The foundations will take ownership of the universities and their properties and assets for free, and will have broad authority to make management and administrative decisions including appointing the universities' rectors. The endowments include castles, palaces and other valuable real estate, farmlands, and shares in partially state owned companies like pharmaceutical firm Gedeon Richter and Hungarian energy company MOL. 

The buildings of the Pázmány Péter Catholic University in Piliscsaba will be given to one of the foundations.Fotó: Kovács Attila/MTI/MTVA

The foundations are led by government-appointed boards of trustees, largely composed of current or former ministers, MPs or state secretaries of the governing party. After their initial appointment, the boards are granted the right to appoint any new members, eliminating future oversight of their composition by Hungary's parliament. 

Only hours after Tuesday's vote, pro-government website Mandiner released a list of officials slated to receive positions on the boards, including István Stumpf, the government commissioner in charge of the higher education reforms, who will become chairman of the board of Tokaj-Hegyalja University. 

Additionally, finance minister Mihály Varga will chair the board of Óbuda University, and former justice minister and current Fidesz MEP László Trocsányi will be on the board of Szeged University of Science, according to the list. 

Only four current rectors of the 11 universities received positions on the new boards of trustees, and only five universities in Hungary remain under state ownership.

On Monday, a dozen European lawmakers sent a letter, obtained by Politico, to European Commission president Ursula von der Leyen, urging her to block EU funding to Hungary that could end up being siphoned off to the foundations.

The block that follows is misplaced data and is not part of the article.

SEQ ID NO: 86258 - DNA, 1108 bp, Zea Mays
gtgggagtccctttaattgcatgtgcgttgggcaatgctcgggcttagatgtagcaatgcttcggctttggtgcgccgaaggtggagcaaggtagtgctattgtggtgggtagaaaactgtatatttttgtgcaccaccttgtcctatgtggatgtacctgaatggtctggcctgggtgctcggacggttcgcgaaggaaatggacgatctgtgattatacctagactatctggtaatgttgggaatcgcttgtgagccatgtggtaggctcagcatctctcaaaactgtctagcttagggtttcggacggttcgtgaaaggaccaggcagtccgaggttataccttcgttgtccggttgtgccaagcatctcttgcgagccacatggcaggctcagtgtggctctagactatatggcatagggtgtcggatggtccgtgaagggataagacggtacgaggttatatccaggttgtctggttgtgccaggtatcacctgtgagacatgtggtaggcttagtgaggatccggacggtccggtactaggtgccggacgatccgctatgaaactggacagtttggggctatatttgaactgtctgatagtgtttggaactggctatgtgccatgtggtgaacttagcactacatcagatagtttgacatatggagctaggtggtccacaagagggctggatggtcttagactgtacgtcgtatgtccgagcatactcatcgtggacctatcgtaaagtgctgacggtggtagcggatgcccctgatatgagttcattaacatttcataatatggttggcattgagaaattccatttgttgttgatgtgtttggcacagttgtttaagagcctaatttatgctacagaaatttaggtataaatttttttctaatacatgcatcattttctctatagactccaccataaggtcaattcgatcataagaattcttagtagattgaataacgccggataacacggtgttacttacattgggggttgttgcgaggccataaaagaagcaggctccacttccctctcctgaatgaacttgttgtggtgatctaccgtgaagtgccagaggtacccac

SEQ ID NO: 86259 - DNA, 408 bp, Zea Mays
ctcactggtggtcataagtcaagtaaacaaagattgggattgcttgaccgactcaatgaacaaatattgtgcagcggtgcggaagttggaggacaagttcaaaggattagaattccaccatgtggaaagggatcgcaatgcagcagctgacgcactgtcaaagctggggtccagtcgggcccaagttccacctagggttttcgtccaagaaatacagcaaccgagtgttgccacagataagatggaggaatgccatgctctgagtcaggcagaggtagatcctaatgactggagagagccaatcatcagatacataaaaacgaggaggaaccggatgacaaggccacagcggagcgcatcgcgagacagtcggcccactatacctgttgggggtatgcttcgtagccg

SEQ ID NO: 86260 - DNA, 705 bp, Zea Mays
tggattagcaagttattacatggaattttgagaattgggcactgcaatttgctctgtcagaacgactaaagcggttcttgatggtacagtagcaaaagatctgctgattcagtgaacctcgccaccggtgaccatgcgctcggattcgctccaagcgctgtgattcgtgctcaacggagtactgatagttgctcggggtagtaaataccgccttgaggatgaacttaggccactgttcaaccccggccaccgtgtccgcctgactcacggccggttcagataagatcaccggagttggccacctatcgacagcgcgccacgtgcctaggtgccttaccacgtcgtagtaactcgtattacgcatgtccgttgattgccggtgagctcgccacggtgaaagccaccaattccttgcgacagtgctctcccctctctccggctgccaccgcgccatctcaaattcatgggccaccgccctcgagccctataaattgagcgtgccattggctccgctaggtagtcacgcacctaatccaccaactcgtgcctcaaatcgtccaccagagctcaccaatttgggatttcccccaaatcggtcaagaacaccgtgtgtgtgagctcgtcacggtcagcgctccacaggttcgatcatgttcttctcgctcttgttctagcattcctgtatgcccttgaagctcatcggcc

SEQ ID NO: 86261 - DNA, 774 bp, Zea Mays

"The Hungarian government uses these opaque funding structures to better access EU funds, whilst at the same time further destroying academic freedom," the lawmakers wrote. 

In an opinion column earlier this month, 444 writer Péter Magyari analyzed the government's efforts to outsource the functions and wealth of the state to quasi-private foundations:

"Fidesz is demolishing the state, fearing that they may lose control. In this way, they can retain positions of power, but in the end they are weakening the Hungarian state and undermining the possibility of democratic control.”

Scientists and politicians decry government's vaccine efficacy chart

Hungary's government on Sunday released a chart purporting to show the results of a study on the effectiveness of Covid-19 vaccines, but scientists and politicians blasted it for being inaccurate and misleading. 

The chart, which appeared designed to increase trust in Russian and Chinese vaccines, shows the number of infections and deaths recorded among people who have received a second dose of a vaccine. 

According to the presented data, Russia's Sputnik V is the most effective at preventing Covid-19 illness and death after two doses. The chart also claims that more deaths occurred in those that received a Pfizer-BioNTech vaccine than with any other jab.

The chart was sent by email to all those who have registered to be vaccinated and agreed to digital correspondence, and the government promoted it on Facebook with a paid ad.